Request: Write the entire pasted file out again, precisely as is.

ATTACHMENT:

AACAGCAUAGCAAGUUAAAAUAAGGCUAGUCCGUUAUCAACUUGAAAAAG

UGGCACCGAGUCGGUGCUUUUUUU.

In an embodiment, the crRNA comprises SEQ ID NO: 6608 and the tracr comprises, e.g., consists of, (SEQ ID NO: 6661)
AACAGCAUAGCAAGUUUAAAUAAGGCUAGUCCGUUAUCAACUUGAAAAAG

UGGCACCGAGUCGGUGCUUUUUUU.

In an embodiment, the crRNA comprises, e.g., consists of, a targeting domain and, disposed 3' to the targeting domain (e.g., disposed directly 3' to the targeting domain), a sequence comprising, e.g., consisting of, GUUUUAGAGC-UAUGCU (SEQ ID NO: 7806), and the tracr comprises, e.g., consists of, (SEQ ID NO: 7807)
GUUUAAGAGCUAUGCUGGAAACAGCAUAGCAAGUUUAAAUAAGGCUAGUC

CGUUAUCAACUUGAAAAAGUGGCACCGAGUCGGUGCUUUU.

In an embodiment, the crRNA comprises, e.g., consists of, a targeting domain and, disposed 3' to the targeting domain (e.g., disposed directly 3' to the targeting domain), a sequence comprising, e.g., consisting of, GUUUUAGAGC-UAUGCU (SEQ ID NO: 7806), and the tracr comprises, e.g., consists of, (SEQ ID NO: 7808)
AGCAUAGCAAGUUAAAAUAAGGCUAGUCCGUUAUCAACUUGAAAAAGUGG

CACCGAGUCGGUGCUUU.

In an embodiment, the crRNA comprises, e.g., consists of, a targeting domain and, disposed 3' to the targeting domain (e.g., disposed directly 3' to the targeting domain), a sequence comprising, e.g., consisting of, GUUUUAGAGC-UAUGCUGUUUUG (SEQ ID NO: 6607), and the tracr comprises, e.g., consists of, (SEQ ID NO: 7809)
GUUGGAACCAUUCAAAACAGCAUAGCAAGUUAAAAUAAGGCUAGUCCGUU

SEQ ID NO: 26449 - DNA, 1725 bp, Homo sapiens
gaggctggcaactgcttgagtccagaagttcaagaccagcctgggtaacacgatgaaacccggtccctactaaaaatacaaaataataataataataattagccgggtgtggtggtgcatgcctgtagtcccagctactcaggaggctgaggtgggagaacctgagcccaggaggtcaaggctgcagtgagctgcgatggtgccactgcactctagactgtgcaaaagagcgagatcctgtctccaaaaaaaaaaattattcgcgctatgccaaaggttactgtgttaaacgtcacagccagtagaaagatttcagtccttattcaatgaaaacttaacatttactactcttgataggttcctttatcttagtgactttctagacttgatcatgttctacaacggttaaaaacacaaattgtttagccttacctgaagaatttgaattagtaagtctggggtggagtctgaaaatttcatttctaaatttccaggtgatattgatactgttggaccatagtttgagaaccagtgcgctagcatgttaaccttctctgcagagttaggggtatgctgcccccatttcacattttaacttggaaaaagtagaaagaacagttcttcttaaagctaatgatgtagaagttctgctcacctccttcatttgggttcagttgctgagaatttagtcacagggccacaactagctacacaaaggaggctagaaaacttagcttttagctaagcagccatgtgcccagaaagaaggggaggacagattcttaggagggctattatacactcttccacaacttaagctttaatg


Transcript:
AACAGCAUAGCAAGUUAAAAUAAGGCUAGUCCGUUAUCAACUUGAAAAAG

UGGCACCGAGUCGGUGCUUUUUUU.

In an embodiment, the crRNA comprises SEQ ID NO: 6608 and the tracr comprises, e.g., consists of, (SEQ ID NO: 6661)
AACAGCAUAGCAAGUUUAAAUAAGGCUAGUCCGUUAUCAACUUGAAAAAG

UGGCACCGAGUCGGUGCUUUUUUU.

In an embodiment, the crRNA comprises, e.g., consists of, a targeting domain and, disposed 3' to the targeting domain (e.g., disposed directly 3' to the targeting domain), a sequence comprising, e.g., consisting of, GUUUUAGAGC-UAUGCU (SEQ ID NO: 7806), and the tracr comprises, e.g., consists of, (SEQ ID NO: 7807)
GUUUAAGAGCUAUGCUGGAAACAGCAUAGCAAGUUUAAAUAAGGCUAGUC

CGUUAUCAACUUGAAAAAGUGGCACCGAGUCGGUGCUUUU.

In an embodiment, the crRNA comprises, e.g., consists of, a targeting domain and, disposed 3' to the targeting domain (e.g., disposed directly 3' to the targeting domain), a sequence comprising, e.g., consisting of, GUUUUAGAGC-UAUGCU (SEQ ID NO: 7806), and the tracr comprises, e.g., consists of, (SEQ ID NO: 7808)
AGCAUAGCAAGUUAAAAUAAGGCUAGUCCGUUAUCAACUUGAAAAAGUGG

CACCGAGUCGGUGCUUU.

In an embodiment, the crRNA comprises, e.g., consists of, a targeting domain and, disposed 3' to the targeting domain (e.g., disposed directly 3' to the targeting domain), a sequence comprising, e.g., consisting of, GUUUUAGAGC-UAUGCUGUUUUG (SEQ ID NO: 6607), and the tracr comprises, e.g., consists of, (SEQ ID NO: 7809)
GUUGGAACCAUUCAAAACAGCAUAGCAAGUUAAAAUAAGGCUAGUCCGUU

SEQ ID NO: 26449 - DNA, 1725 bp, Homo sapiens
gaggctggcaactgcttgagtccagaagttcaagaccagcctgggtaacacgatgaaacccggtccctactaaaaatacaaaataataataataataattagccgggtgtggtggtgcatgcctgtagtcccagctactcaggaggctgaggtgggagaacctgagcccaggaggtcaaggctgcagtgagctgcgatggtgccactgcactctagactgtgcaaaagagcgagatcctgtctccaaaaaaaaaaattattcgcgctatgccaaaggttactgtgttaaacgtcacagccagtagaaagatttcagtccttattcaatgaaaacttaacatttactactcttgataggttcctttatcttagtgactttctagacttgatcatgttctacaacggttaaaaacacaaattgtttagccttacctgaagaatttgaattagtaagtctggggtggagtctgaaaatttcatttctaaatttccaggtgatattgatactgttggaccatagtttgagaaccagtgcgctagcatgttaaccttctctgcagagttaggggtatgctgcccccatttcacattttaacttggaaaaagtagaaagaacagttcttcttaaagctaatgatgtagaagttctgctcacctccttcatttgggttcagttgctgagaatttagtcacagggccacaactagctacacaaaggaggctagaaaacttagcttttagctaagcagccatgtgcccagaaagaaggggaggacagattcttaggagggctattatacactcttccacaacttaagctttaatg